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Weimaraner vs Doberman: The Key Differences (With Pictures)

Nicole Cosgrove Profile Picture

By Nicole Cosgrove

Weimaraners are medium-sized hunting dogs native to Germany. These beautiful and spirited dogs have been sought after for their intelligence, trainability, and great temperaments for centuries. In fact, the Weimaraner is the oldest registered breed of dog still in existence today.  They’re very active, loyal, and perfect for large families.

Dobermans are known for being gentle, affectionate family companions with a keen sense of smell. They have a very similar build to Weimaraners but are in a league of their own. So, why should you consider adding one of these trustworthy canines to your family? Well, there are plenty of reasons. Let’s discuss.

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Visual Differences

Image Credit: (L) DragoNika, Shutterstock | (R) GracefulFoto, Shutterstock

At a Glance

  • Average height (adult): 23–26 inches
  • Average weight (adult): 55–82 lbs.
  • Lifespan: 11–14 years
  • Exercise:  At least 2 hours a day
  • Grooming needs: Low
  • Family-friendly: Yes, are great with older children and/or owners with lots of time/energy
  • Other pet-friendly: Yes
  • Trainability: Easy
  • Average height (adult): 24–28 inches
  • Average weight (adult): 71–88 lbs.
  • Lifespan: 10–13 years
  • Exercise: At least 2 hours a day (or more)
  • Grooming needs: Low
  • Family-friendly: Yes, but require training
  • Other pet-friendly: Yes
  • Trainability: Easy

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Weimaraner Overview

The Weimaraner is one of the most popular dog breeds in the United States. It’s also one of the oldest and can be traced back through the centuries. They have German and Norse roots, having been developed based on various types of terriers that were actually used for hunting. The Weimaraner has always been used as a livestock guardian and pointer dog, being very active and alert when it comes to chasing after prey. This makes them excellent family pets as well as great support and guard dogs.

The Weimaraner is an athletic dog with a stocky build and well-defined muscles. Its head is broad and rounded, with a well-developed muzzle. Their coats are short and smooth, with a dense undercoat. These dogs have a wide girth and big feet that provide solid footing on rough terrain. The Weimaraner has an alert, confident demeanor.

Weimaraner running on grass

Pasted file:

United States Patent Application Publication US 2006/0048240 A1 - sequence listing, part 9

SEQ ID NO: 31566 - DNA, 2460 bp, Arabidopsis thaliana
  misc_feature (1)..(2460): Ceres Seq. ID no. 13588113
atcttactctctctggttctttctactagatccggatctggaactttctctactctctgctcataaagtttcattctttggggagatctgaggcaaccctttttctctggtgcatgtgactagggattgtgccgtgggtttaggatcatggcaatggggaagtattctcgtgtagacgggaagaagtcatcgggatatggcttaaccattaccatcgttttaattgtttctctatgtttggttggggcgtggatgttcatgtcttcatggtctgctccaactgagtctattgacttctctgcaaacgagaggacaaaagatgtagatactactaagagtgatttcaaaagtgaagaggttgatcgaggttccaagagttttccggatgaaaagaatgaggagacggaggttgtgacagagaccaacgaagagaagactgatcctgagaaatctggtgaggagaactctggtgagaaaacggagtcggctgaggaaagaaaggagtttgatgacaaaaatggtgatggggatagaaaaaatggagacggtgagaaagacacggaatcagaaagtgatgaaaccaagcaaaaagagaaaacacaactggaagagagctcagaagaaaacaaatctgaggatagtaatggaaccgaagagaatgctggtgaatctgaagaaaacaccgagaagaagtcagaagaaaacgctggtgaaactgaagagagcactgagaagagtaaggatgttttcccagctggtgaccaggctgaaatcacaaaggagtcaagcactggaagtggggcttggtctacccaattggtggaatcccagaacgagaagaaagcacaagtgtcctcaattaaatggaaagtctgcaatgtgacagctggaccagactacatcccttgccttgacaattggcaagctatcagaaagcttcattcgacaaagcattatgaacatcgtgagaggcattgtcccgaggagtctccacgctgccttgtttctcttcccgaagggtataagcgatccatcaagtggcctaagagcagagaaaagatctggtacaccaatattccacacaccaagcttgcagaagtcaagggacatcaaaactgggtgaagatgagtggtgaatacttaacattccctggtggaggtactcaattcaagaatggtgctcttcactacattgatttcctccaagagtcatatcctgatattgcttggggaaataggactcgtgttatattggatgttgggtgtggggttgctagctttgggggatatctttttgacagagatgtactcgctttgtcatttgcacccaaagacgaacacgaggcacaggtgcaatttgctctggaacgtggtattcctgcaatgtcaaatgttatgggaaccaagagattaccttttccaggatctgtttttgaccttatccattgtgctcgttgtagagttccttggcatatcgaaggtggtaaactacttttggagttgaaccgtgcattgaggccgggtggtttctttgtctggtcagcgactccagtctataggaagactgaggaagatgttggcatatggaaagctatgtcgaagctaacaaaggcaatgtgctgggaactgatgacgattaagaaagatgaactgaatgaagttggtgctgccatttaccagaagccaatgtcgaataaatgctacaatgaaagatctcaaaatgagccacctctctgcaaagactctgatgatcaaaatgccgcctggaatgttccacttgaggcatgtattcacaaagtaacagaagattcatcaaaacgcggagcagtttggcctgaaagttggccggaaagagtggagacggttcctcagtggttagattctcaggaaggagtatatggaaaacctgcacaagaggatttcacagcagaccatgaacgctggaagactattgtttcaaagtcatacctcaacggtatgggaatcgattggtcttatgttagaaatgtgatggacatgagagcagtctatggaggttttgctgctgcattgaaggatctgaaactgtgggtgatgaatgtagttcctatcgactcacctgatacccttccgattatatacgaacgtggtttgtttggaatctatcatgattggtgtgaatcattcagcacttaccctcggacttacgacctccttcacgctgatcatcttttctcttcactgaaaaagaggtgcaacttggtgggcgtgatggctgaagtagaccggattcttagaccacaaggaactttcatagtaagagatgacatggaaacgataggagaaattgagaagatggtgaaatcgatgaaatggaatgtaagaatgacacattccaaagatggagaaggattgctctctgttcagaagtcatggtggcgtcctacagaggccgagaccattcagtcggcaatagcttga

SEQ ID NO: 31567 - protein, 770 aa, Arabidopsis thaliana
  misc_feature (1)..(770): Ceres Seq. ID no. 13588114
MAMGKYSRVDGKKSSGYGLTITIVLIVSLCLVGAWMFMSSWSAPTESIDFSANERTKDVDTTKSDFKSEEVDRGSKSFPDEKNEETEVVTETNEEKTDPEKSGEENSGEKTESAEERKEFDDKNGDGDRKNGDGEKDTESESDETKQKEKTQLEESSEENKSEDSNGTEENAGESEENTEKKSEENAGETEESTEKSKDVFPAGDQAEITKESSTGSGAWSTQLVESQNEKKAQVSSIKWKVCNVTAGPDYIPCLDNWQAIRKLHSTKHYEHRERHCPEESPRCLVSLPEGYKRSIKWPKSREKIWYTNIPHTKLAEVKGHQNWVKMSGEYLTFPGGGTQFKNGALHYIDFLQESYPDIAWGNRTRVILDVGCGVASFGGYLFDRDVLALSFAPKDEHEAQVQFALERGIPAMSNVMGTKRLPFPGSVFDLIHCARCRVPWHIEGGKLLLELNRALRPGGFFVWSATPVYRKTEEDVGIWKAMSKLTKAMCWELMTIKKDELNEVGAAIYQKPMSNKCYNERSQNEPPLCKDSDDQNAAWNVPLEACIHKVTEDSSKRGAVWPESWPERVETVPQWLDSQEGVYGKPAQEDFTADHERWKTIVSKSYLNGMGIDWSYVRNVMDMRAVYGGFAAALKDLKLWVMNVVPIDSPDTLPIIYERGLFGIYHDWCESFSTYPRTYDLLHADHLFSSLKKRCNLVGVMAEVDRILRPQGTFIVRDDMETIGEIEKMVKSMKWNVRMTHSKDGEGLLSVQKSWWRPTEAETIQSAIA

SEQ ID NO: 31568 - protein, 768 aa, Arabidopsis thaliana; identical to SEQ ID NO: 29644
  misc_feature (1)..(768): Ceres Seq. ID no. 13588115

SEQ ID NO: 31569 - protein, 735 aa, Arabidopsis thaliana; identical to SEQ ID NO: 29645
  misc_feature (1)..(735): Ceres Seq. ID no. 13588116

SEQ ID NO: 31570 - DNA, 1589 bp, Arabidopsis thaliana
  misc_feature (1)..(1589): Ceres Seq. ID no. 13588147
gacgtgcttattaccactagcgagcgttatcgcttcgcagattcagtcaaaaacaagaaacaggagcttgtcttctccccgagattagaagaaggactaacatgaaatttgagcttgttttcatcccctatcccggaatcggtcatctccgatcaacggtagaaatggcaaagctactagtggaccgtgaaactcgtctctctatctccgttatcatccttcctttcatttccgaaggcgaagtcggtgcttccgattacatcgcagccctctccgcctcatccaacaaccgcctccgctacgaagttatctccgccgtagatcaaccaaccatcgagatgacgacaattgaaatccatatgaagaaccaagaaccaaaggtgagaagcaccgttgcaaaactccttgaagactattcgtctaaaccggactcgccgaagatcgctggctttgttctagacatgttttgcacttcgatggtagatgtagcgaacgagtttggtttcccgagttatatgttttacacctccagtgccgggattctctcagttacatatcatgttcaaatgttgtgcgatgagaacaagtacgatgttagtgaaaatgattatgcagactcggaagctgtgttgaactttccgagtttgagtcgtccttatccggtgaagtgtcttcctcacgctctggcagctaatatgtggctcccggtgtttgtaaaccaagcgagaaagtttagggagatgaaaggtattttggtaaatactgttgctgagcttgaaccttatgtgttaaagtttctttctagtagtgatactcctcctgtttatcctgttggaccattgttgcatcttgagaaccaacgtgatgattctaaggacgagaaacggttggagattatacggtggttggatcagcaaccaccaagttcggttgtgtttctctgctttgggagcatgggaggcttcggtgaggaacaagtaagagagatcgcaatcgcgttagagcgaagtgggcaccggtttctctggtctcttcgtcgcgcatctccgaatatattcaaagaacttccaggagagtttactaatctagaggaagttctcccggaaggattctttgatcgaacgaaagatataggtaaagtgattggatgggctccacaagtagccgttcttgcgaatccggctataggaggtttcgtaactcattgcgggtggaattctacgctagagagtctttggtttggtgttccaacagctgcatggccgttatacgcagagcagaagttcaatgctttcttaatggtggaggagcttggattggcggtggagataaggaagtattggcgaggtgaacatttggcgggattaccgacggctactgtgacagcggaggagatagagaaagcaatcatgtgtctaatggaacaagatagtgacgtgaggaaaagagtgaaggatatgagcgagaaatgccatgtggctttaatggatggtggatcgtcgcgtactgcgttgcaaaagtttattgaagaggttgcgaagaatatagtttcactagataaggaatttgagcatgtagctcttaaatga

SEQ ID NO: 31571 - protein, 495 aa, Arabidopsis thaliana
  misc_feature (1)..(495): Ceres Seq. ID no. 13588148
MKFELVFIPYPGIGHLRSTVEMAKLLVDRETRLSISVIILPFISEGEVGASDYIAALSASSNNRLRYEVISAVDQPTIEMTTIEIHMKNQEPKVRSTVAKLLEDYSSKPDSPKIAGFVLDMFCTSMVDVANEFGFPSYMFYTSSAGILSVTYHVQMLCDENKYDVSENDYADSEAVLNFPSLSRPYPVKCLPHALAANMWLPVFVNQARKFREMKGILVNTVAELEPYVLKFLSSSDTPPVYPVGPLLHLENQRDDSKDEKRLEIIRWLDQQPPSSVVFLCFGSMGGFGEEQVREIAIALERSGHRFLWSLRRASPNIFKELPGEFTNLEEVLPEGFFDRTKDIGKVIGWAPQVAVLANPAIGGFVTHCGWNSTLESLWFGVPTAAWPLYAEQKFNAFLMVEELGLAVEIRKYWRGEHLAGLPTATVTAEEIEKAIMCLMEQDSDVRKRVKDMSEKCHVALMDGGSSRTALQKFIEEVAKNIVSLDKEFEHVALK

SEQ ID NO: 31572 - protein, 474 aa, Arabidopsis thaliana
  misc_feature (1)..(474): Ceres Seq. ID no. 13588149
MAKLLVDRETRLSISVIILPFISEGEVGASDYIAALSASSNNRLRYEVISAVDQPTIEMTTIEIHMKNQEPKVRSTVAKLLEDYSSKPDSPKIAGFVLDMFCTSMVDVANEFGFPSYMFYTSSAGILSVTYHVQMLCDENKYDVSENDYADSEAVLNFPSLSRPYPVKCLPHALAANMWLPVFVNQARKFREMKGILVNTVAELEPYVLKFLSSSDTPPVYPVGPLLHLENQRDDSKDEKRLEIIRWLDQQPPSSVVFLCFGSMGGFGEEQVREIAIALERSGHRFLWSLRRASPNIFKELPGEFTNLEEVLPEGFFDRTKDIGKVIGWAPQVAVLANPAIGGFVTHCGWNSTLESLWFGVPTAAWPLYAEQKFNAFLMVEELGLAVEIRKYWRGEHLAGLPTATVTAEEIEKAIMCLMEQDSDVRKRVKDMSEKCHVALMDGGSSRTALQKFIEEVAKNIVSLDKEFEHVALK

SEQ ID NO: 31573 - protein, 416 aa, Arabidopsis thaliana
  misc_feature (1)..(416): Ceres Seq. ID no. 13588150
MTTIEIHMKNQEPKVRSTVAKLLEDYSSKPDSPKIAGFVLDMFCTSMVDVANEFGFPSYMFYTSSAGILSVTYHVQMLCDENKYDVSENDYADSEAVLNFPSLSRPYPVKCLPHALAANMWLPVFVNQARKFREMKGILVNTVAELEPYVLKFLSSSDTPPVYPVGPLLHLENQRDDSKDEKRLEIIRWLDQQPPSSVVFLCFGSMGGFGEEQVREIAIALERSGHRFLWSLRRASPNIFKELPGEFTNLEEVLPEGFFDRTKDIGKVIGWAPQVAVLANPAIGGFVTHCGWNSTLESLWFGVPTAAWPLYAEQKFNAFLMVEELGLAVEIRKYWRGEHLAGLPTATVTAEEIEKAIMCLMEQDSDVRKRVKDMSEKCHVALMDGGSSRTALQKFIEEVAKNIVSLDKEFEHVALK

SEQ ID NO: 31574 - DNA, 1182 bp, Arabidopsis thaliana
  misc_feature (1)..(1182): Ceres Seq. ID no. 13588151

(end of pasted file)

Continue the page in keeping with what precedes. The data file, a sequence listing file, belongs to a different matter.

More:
Image Credit: Dr. Georg Wietschorke, Pixabay

Personality / Character

Perhaps what makes the Weimaraner such a popular breed is their intelligence. They’re pretty intelligent dogs but also very sensitive to their owner’s moods. They can be quite noisy when barking at strangers or if they have separation anxiety. These pups can also have very strong and aggressive canine instincts that can be controlled by training.

That being stated, they’re also a people-oriented breed with an affectionate personality, making them excellent for families with children. They make high-energy dogs that require daily activity, so if you don’t have the time to spend with them daily, this may not be the best breed for you. It’s also best to watch them closely around young children, as they are fairly large dogs and maybe a bit too aggressive for them.


These dogs are smart, which makes them highly trainable. They’re also loyal and eager to please their owners, so training should be a fun and easy time. However, given that the breed is very active, training should be consistent and comprehensive. If not, you may find that this dog is a bit too much for your family to handle. These are high-energy dogs, so you can train them for an hour or so without them tiring out.

Picture,Of,A,Woman,Playing,With,A,Weimaraner,Adult,And puppy
Image Credit: Christian Mueller, Shutterstock

Grooming & Maintenance

Weimaraner dog grooming is similar to that of most other breeds. These dogs have a short, flat, single coat. So, they don’t require a lot of maintenance, but there are a few things that you should keep in mind. You will want to brush them once a week to keep their coats looking good and mats from forming.

Because they are single-coated, they won’t shed as much as double-coated dogs or those with fairly long coats. You should also clip their nails frequently to keep them from digging into the ground and causing damage. Finally, you should check their ears regularly as they are large, floppy, and tend to get dirtier than other parts of their body.